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MDMA, Brazil, Omega-3

MDMA treatment for alcoholism could reduce relapse, a story in the Guardian is reporting.  While it is encouraging to see major media coverage for psychedelics research, the title is a bit misleading.

That is because it implies that using MDMA, also known as ecstasy, can treat alcoholism, whereas it is actually MDMA-assisted psychotherapy that is being used to treat alcoholism. The idea, as far as I understand, is that many addictions have a psychological cause – substance abuse is often a way to self-medicate, a.k.a. to relieve emotional pain or blockages. Taking 3,4-methylenedioxymethamphetamine (MDMA) breaks down those blocks, which opens the door for a productive therapy session to deal with the underlying issues.

Another problem with the title – the story is based on a paper detailing preliminary data in an ongoing open-label safety and tolerability proof of concept study[1]. The study also doesn’t cover whether MDMA assisted psychotherapy is effective – just whether it is safe and tolerable.

This study also doesn’t cover whether MDMA assisted psychotherapy is effective – just whether it is safe and tolerable. All the same, it is definitely worth paying attention to, since this type of research is so hard to get funding for and to set up, due to the current schedule 1 status of the drug. Especially when the full results are published, it should be an important contribution towards making this type of therapy more accessible.

Brazilian Wax

In Brazil, the country’s main science-funding agency is running low on cash, and if it does not receive additional funds from the government, will be forced to suspend over 80,000 scholarships for undergraduates, graduate students, and postdoctoral researchers beginning in September, according to Nature[2]. The upcoming cancellations were announced by the National Council for Scientific and Technological Development (CNPq) on 15 August.

In April of this year, president Jair Bolsonaro said that the budget of the Ministry of Science, Technology, Innovation and Communication would be cut in half and that scholarship programs for the CNPq, the primary scientific research agency in Brazil, would be cut as well.

That is bad news not only for Brazil, but the rest of the world as well, since Brazil is conducting research into the effects of Amazon rain forest deforestation.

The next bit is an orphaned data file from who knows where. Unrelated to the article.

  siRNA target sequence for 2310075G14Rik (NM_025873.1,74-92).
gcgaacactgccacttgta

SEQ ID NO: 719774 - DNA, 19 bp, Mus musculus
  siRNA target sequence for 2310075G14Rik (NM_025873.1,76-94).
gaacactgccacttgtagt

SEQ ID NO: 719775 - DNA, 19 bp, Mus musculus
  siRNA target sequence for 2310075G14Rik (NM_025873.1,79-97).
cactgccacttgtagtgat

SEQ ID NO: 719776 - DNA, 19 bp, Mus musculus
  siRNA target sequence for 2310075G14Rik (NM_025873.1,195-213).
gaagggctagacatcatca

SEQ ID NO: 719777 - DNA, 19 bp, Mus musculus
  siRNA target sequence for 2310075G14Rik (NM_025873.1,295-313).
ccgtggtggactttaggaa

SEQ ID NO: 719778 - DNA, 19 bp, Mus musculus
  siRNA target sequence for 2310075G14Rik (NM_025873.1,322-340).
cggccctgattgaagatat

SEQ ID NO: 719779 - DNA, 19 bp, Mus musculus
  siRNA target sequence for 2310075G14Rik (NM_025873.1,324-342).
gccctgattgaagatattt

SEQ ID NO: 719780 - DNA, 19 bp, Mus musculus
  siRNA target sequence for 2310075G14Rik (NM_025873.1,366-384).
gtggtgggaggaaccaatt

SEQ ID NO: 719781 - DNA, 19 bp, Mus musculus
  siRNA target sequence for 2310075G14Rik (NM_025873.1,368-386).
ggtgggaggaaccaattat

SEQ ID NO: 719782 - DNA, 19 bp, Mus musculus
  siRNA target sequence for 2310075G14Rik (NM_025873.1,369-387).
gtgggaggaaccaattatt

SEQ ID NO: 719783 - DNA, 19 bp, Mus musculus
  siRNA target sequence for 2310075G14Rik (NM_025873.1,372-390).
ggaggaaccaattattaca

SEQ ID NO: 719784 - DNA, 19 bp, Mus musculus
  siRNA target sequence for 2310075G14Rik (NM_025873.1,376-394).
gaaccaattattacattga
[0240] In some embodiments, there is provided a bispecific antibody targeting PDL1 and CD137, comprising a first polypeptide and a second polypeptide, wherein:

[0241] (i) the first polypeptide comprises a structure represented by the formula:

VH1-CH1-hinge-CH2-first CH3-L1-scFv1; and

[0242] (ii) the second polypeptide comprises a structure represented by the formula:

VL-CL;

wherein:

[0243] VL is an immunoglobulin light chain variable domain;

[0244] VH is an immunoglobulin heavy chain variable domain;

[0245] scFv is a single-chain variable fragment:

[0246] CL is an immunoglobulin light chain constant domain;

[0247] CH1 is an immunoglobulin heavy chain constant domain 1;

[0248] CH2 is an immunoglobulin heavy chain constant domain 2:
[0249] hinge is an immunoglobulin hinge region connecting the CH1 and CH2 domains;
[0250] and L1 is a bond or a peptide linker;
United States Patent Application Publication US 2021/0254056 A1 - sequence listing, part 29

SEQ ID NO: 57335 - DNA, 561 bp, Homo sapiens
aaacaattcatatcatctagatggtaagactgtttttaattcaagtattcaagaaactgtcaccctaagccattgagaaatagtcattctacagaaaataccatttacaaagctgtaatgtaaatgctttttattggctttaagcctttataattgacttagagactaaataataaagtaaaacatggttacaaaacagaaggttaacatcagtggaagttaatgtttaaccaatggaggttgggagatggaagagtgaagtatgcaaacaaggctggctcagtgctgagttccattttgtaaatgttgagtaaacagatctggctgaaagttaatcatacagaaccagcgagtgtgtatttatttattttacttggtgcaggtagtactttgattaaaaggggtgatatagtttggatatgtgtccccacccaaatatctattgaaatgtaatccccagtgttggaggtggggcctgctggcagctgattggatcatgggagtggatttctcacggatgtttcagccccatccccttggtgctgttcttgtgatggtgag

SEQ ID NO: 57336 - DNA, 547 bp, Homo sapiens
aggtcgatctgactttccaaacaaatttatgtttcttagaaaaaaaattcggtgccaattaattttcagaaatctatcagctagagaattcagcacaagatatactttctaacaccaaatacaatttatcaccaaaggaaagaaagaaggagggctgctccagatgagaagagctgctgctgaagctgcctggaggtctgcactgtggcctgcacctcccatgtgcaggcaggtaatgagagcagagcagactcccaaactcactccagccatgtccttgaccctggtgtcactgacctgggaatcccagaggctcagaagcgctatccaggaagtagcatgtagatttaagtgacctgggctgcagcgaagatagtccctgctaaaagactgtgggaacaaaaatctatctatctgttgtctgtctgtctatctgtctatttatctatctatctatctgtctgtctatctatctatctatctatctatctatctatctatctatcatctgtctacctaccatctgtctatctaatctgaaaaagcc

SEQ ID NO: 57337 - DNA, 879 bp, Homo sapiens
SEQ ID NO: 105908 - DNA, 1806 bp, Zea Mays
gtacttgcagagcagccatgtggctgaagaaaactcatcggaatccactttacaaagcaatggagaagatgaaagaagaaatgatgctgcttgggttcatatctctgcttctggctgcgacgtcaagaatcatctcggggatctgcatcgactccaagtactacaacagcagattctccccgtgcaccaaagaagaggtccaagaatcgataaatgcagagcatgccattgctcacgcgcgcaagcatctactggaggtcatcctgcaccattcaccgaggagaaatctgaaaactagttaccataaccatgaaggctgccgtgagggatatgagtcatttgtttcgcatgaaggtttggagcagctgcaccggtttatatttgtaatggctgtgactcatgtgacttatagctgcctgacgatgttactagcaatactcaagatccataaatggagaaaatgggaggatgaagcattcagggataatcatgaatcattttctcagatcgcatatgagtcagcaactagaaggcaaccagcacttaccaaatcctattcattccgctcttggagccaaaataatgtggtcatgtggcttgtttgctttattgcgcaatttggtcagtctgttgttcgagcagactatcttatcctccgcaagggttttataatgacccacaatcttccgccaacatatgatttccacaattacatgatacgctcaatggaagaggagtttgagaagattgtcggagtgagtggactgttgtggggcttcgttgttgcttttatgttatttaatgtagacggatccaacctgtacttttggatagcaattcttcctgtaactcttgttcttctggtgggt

Fish Oil

Prescription omega-3 fatty acid medication reduces triglyceride levels by 20-30% among the majority of people who require treatment for high triglyceride levels, according to a science advisory from the American Heart Association[3].

But, this is just an advisory, it is not a clinical trial or meta-analysis. Previous studies have failed to consistently demonstrate any cardiovascular benefit for fish oil. The REDUCE-IT trial[4] was actually one of the only major clinical trials of fish oil to actually show cardiovascular benefit, as defined as the composite endpoint of cardiovascular death, nonfatal myocardial infarction, or nonfatal stroke.


[1] Sessa B, Sakal C, O’Brien S, et al First study of safety and tolerability of 3,4-methylenedioxymethamphetamine (MDMA)-assisted psychotherapy in patients with alcohol use disorder: preliminary data on the first four participants BMJ Case Reports CP 2019;12:e230109 https://casereports.bmj.com/content/12/7/e230109

[2] Rodrigo de Oliveira Andrade, Brazil’s budget cuts threaten more than 80,000 science scholarships, Nature, Aug 19, 2019 https://www.nature.com/articles/d41586-019-02484-w

[3] Ann C. Skulas-Ray et al, Omega-3 Fatty Acids for the Management of Hypertriglyceridemia: A Science Advisory From the American Heart Association, Circulation (2019). DOI: 10.1161/CIR.0000000000000709

[4] Deepak L. Bhatt, M.D., et al. Cardiovascular Risk Reduction with Icosapent Ethyl for Hypertriglyceridemia. N Engl J Med 2019; 380:11-22 DOI: 10.1056/NEJMoa1812792
DOI: 10.1056/NEJMoa1812792 https://www.nejm.org/doi/full/10.1056/NEJMoa1812792